When in doubt and it could reasonably go along with you, bring it. Pack your trading cards games, bags of Legos, dolls and action figures, water toys, and anything else that you feel would help them relax and engage playing on their own or with other kids they meet.
This post is for those of you who are pondering a longer stay in Nicaragua past the standard three months tourist visa granted to you upon arrival.
First visa upon arrival
So when you arrive by air or over the border to Nicaragua you will find that obtaining a tourist visa is a remarkably easy and inexpensive task to accomplish for you and your family. You will fill out one brief immigration form for yourself and any family travelling with you. Additionally, you will then pay $10 by air and $12 by land for each visitor in your group to the immigration official who checks your paperwork.
Will they grill me on my assets and intentions?
Most Nicaraguan immigration officials at border entries and airports are extremely relaxed and amiable and respond very kindly to smiles and pleasantries. Tourism is a well-oiled machine that consistently provides Nicaragua with abundant access to dollars and Euros. Entering Nicaragua as a tourist should constitute only a brief encounter with an immigration official. Having said that…Continue reading “Managing multiple visas for your family’s extended stay in Nicaragua.”→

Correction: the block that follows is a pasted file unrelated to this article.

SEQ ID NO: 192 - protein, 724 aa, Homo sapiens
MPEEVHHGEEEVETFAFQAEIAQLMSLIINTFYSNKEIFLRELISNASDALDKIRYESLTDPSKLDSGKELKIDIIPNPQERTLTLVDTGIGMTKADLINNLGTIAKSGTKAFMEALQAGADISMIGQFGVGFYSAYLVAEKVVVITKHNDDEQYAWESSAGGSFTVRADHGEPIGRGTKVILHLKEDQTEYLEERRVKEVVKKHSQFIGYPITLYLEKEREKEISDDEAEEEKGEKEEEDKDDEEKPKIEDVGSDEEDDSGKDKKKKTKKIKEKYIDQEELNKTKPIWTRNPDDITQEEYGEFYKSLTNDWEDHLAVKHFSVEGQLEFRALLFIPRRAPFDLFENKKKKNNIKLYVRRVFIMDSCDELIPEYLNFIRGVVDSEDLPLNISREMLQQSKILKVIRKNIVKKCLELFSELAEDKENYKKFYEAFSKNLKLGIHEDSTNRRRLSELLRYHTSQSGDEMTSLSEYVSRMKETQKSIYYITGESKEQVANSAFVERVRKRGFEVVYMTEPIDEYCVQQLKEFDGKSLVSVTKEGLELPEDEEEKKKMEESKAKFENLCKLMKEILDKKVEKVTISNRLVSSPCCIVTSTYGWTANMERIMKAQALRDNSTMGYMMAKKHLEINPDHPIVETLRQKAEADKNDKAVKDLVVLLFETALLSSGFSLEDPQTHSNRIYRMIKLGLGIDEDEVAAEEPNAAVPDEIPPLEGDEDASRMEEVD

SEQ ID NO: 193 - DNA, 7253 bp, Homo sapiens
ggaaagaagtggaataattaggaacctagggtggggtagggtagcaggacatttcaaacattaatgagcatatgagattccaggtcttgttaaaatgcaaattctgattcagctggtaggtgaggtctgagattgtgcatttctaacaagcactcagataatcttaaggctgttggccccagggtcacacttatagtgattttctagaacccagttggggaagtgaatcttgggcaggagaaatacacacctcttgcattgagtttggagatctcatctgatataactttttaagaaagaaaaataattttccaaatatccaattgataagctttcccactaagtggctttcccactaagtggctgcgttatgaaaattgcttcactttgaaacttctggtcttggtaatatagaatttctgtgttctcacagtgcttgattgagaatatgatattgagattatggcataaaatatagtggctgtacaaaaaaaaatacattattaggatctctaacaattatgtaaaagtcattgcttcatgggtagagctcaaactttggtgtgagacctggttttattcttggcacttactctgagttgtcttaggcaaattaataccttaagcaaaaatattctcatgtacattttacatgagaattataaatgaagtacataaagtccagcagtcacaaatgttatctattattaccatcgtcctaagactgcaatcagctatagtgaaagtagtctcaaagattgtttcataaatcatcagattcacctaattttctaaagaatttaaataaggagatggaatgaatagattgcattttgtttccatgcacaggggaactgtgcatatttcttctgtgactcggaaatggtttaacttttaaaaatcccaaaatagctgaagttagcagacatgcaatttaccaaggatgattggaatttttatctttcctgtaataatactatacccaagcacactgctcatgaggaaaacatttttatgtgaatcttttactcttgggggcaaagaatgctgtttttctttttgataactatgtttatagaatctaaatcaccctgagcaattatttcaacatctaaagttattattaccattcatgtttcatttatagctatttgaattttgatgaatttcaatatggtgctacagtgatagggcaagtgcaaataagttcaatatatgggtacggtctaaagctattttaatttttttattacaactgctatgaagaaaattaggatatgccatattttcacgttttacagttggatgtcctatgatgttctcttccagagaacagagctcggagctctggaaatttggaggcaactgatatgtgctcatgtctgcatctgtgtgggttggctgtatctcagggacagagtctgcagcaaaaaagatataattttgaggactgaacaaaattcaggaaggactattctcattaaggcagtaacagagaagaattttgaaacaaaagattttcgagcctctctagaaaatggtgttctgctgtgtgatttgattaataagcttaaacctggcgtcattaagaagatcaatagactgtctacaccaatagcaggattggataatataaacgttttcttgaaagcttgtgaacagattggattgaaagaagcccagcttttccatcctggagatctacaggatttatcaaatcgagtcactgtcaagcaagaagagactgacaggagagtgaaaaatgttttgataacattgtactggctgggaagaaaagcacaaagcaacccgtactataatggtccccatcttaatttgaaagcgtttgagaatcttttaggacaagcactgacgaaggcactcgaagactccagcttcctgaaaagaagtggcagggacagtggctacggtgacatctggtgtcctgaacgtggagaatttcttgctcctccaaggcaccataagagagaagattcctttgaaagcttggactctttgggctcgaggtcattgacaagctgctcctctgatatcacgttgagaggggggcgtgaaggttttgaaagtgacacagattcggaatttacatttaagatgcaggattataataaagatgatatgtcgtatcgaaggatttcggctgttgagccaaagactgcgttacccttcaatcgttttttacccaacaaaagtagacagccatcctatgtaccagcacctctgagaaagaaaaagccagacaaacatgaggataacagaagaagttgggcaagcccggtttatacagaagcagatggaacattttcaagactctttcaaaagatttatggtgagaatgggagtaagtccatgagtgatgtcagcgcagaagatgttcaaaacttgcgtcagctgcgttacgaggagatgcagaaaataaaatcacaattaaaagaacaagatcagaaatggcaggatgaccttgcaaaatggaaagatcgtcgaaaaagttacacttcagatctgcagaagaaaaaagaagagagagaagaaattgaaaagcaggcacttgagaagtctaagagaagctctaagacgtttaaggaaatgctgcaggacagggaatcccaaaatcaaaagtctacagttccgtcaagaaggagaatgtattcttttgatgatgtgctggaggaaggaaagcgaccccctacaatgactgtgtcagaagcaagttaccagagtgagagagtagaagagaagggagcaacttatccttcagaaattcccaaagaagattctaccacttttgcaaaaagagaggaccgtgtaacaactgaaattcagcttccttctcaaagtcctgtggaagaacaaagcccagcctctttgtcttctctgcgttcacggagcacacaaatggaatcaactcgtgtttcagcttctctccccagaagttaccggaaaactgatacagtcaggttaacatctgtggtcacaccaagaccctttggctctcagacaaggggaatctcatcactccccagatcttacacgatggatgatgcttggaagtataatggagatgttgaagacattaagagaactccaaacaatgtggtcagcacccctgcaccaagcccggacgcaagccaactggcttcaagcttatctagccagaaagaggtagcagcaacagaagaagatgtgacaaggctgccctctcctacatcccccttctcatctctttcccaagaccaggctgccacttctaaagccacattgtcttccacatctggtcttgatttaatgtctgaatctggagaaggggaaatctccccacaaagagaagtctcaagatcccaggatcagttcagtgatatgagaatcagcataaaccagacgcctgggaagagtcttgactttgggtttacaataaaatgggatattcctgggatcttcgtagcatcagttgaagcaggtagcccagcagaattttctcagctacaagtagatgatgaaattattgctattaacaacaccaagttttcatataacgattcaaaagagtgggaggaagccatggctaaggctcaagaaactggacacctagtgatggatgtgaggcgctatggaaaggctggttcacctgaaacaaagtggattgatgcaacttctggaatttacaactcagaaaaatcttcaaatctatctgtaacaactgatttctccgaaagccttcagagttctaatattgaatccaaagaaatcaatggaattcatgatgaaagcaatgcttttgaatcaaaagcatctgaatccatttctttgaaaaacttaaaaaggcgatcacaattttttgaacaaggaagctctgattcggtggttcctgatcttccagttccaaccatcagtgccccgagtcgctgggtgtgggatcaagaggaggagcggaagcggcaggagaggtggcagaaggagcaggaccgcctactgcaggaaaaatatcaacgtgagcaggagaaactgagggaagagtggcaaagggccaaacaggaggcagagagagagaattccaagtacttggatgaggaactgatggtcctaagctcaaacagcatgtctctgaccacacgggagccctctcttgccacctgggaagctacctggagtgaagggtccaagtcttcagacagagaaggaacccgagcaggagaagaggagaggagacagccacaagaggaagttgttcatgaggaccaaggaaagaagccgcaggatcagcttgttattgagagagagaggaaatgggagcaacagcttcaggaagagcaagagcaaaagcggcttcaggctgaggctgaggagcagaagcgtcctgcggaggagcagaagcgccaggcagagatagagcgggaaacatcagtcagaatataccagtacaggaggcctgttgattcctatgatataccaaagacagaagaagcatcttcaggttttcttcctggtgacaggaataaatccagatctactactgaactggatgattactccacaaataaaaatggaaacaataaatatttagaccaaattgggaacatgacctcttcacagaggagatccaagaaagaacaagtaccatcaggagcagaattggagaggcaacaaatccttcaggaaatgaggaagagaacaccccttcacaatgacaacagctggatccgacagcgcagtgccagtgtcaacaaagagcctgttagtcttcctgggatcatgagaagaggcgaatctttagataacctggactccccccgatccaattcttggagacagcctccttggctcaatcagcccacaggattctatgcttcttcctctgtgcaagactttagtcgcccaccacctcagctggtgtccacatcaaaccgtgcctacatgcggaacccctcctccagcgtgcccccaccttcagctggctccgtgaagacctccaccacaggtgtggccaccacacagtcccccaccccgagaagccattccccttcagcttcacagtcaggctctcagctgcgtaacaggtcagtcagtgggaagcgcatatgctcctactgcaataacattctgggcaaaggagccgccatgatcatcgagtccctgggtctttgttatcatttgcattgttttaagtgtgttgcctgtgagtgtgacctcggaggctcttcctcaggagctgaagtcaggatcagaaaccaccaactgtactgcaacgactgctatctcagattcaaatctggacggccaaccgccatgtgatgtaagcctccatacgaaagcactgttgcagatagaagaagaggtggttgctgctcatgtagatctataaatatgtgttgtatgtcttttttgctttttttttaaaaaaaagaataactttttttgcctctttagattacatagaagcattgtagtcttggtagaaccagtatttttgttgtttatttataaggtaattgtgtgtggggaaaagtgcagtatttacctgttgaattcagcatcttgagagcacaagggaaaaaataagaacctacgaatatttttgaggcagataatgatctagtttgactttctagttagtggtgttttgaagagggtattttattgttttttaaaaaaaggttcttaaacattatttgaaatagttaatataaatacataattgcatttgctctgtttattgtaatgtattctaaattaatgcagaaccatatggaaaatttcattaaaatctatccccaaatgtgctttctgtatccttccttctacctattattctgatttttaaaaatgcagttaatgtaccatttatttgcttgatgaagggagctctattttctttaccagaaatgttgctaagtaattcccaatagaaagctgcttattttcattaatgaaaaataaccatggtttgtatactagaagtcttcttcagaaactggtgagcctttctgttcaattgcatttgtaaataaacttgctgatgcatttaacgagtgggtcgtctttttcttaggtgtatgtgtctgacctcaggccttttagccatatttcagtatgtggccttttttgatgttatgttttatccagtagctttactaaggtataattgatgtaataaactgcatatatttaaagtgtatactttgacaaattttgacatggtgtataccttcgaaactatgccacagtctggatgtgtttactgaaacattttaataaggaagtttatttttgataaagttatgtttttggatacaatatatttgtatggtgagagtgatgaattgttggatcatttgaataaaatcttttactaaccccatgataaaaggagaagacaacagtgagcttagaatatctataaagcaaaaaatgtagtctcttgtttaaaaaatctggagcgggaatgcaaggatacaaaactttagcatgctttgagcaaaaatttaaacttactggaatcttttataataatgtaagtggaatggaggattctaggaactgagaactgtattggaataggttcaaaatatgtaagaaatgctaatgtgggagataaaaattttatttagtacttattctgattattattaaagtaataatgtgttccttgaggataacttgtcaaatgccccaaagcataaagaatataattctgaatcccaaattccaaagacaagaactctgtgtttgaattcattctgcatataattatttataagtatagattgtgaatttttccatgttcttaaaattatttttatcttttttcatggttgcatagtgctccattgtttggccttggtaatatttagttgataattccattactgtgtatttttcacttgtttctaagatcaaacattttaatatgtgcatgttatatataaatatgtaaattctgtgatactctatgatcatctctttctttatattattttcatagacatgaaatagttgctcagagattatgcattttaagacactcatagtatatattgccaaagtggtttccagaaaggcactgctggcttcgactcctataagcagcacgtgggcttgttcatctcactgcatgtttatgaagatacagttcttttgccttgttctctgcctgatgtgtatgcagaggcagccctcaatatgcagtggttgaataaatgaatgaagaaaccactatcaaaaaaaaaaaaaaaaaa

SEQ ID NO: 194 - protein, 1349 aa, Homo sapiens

Establishing a home away from home for your family is always a priority. If this is a move you are making with kids, I know that the primary concerns are for safety and comfort. You want them to have a unique experience traveling and yet not so extreme that their lives feel out of whack. When your home in Granada feels right there is a direct positive impact on your families well-being and the success of the trip overall.
Securing your accommodations in Granada is a relatively simple task compared to many areas around the world. Because the city is a tourism hub for travelers, the furnished home rental market took off years ago and has become more abundantly available every year. You can easily rent a beautiful, fully furnished and maintained home that will allow you to focus your energy on your stay and reconnecting with your family.
Considering everyone’s needs
When you fly into Nicaragua and you know that you have a comfortable home to welcome you, anxious members of your family can be reassured that this new adventure thousands of miles from home is going to be okay. This is particularly essential if you have kids that are aware that they are leaving their lives behind for an extended stay or permanently. It is important that the move doesn’t feel like a total downgrade from everything they are leaving behind in their home countries! This seems particularly important for kids over the age of six.Continue reading “House hunters Nicaragua! Finding your ideal kid-friendly home rental for your family in Granada.”→